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Desert Diary
Biology/Ultimate Simplification


Heightened awareness of the danger of viruses to ourselves and to other forms of life brings up again the question of origins. How did structures little more than packages of genes, come about, and how did they manage to come up with the genetic material necessary to command an infected host to reproduce them? The most commonly accepted hypothesis is that viruses have evolved from escaped bits of the genetic material of other organisms, some by chance having the necessary genes.

This is not the only possibility, however. We know that many parasites have evolved to become almost entirely reliant on their hosts, losing parts and processes no longer needed. Indeed, some internal parasites consist of little more than reproductive structures and the minimal tissues required to support those organs. It's been suggested that viruses began as parasites that have gone the ultimate distance in that direction, managing to shed even reproductive organs by evolving the ability to take over the host cell to reproduce themselves. Natural selection is not only fascinating, at times it's downright scary!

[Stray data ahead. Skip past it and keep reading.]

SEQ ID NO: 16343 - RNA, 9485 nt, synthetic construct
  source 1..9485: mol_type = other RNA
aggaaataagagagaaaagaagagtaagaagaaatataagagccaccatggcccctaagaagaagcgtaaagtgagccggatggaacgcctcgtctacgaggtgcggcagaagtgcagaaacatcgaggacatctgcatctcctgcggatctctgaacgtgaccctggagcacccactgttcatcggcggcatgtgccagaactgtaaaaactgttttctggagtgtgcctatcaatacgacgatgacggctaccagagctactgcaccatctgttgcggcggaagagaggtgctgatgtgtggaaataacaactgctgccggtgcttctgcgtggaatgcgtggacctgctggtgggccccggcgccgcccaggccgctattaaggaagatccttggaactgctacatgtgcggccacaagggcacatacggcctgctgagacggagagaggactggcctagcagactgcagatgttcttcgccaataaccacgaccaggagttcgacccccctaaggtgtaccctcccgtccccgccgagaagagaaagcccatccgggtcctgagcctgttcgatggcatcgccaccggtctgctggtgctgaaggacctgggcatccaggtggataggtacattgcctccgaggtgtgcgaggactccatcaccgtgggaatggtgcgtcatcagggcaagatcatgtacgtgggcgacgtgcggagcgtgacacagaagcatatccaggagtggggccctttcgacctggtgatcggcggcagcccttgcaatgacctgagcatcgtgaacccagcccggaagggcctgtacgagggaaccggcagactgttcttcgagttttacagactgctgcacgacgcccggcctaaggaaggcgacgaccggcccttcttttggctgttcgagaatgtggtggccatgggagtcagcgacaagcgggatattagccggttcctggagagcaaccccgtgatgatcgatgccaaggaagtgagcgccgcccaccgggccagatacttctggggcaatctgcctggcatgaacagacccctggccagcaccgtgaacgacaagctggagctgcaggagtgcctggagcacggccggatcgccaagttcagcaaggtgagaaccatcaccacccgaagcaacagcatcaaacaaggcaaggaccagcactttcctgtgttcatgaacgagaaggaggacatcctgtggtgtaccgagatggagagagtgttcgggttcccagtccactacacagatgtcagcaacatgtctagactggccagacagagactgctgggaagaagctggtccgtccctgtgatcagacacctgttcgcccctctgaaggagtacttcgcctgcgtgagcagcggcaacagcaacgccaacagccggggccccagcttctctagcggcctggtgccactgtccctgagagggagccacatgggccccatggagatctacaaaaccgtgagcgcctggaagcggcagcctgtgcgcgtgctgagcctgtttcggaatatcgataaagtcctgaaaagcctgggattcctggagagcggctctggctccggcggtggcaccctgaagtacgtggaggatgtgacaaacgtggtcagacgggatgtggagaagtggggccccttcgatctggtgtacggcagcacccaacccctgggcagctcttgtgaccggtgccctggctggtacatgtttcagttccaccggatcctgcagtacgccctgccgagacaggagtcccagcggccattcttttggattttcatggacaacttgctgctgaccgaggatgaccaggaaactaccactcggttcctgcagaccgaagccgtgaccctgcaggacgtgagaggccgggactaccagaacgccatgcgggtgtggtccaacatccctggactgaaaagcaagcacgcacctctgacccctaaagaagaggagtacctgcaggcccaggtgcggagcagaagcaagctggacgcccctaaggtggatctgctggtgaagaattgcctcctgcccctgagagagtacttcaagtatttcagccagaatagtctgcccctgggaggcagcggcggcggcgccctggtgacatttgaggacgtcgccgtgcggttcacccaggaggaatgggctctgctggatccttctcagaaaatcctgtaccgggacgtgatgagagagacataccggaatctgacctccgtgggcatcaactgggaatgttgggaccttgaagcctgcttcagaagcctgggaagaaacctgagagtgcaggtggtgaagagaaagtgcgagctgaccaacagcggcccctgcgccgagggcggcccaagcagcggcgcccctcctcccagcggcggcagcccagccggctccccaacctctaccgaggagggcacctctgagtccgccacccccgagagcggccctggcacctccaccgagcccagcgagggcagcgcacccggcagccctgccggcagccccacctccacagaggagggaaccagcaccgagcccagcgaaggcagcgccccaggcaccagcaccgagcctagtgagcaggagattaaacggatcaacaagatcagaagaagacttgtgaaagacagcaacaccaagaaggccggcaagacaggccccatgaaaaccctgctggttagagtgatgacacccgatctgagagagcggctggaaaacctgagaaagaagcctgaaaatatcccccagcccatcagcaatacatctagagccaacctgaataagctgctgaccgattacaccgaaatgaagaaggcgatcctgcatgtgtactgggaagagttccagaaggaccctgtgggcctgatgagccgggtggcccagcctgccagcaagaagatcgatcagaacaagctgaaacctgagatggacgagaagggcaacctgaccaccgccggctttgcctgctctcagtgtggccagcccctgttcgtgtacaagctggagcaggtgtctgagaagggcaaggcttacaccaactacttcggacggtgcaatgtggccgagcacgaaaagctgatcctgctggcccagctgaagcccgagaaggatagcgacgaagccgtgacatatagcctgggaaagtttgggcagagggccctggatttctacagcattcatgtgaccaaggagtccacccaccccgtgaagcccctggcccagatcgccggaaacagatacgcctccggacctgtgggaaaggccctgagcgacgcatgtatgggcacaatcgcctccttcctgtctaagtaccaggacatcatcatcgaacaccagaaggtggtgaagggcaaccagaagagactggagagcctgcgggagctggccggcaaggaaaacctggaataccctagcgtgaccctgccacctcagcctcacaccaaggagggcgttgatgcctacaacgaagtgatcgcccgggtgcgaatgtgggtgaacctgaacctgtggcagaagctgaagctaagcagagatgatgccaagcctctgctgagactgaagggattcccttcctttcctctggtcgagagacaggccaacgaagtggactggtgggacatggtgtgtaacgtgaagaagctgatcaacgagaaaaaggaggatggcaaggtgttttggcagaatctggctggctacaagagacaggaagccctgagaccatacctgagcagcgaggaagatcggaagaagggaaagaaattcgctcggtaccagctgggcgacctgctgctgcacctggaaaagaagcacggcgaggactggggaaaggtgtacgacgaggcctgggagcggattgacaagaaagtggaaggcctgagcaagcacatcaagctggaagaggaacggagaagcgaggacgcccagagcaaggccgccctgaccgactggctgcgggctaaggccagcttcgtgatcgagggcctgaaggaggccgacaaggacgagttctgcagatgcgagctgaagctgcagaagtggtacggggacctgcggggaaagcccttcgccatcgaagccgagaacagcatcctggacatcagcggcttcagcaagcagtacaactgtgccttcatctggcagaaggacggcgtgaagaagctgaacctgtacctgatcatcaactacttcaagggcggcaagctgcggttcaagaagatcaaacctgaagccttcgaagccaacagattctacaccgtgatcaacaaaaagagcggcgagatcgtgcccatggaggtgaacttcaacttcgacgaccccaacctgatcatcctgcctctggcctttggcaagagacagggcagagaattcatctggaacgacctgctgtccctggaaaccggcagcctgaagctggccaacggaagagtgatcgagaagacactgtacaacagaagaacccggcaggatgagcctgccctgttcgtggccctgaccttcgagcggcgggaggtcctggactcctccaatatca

pen and ink

Listen to the Audio (mp3 format) as recorded by KTEP, Public Radio for the Southwest.


Contributor: Arthur H. Harris, Laboratory for Environmental Biology, Centennial Museum, University of Texas at El Paso.

Desert Diary is a joint production of the Centennial Museum and KTEP National Public Radio at the University of Texas at El Paso.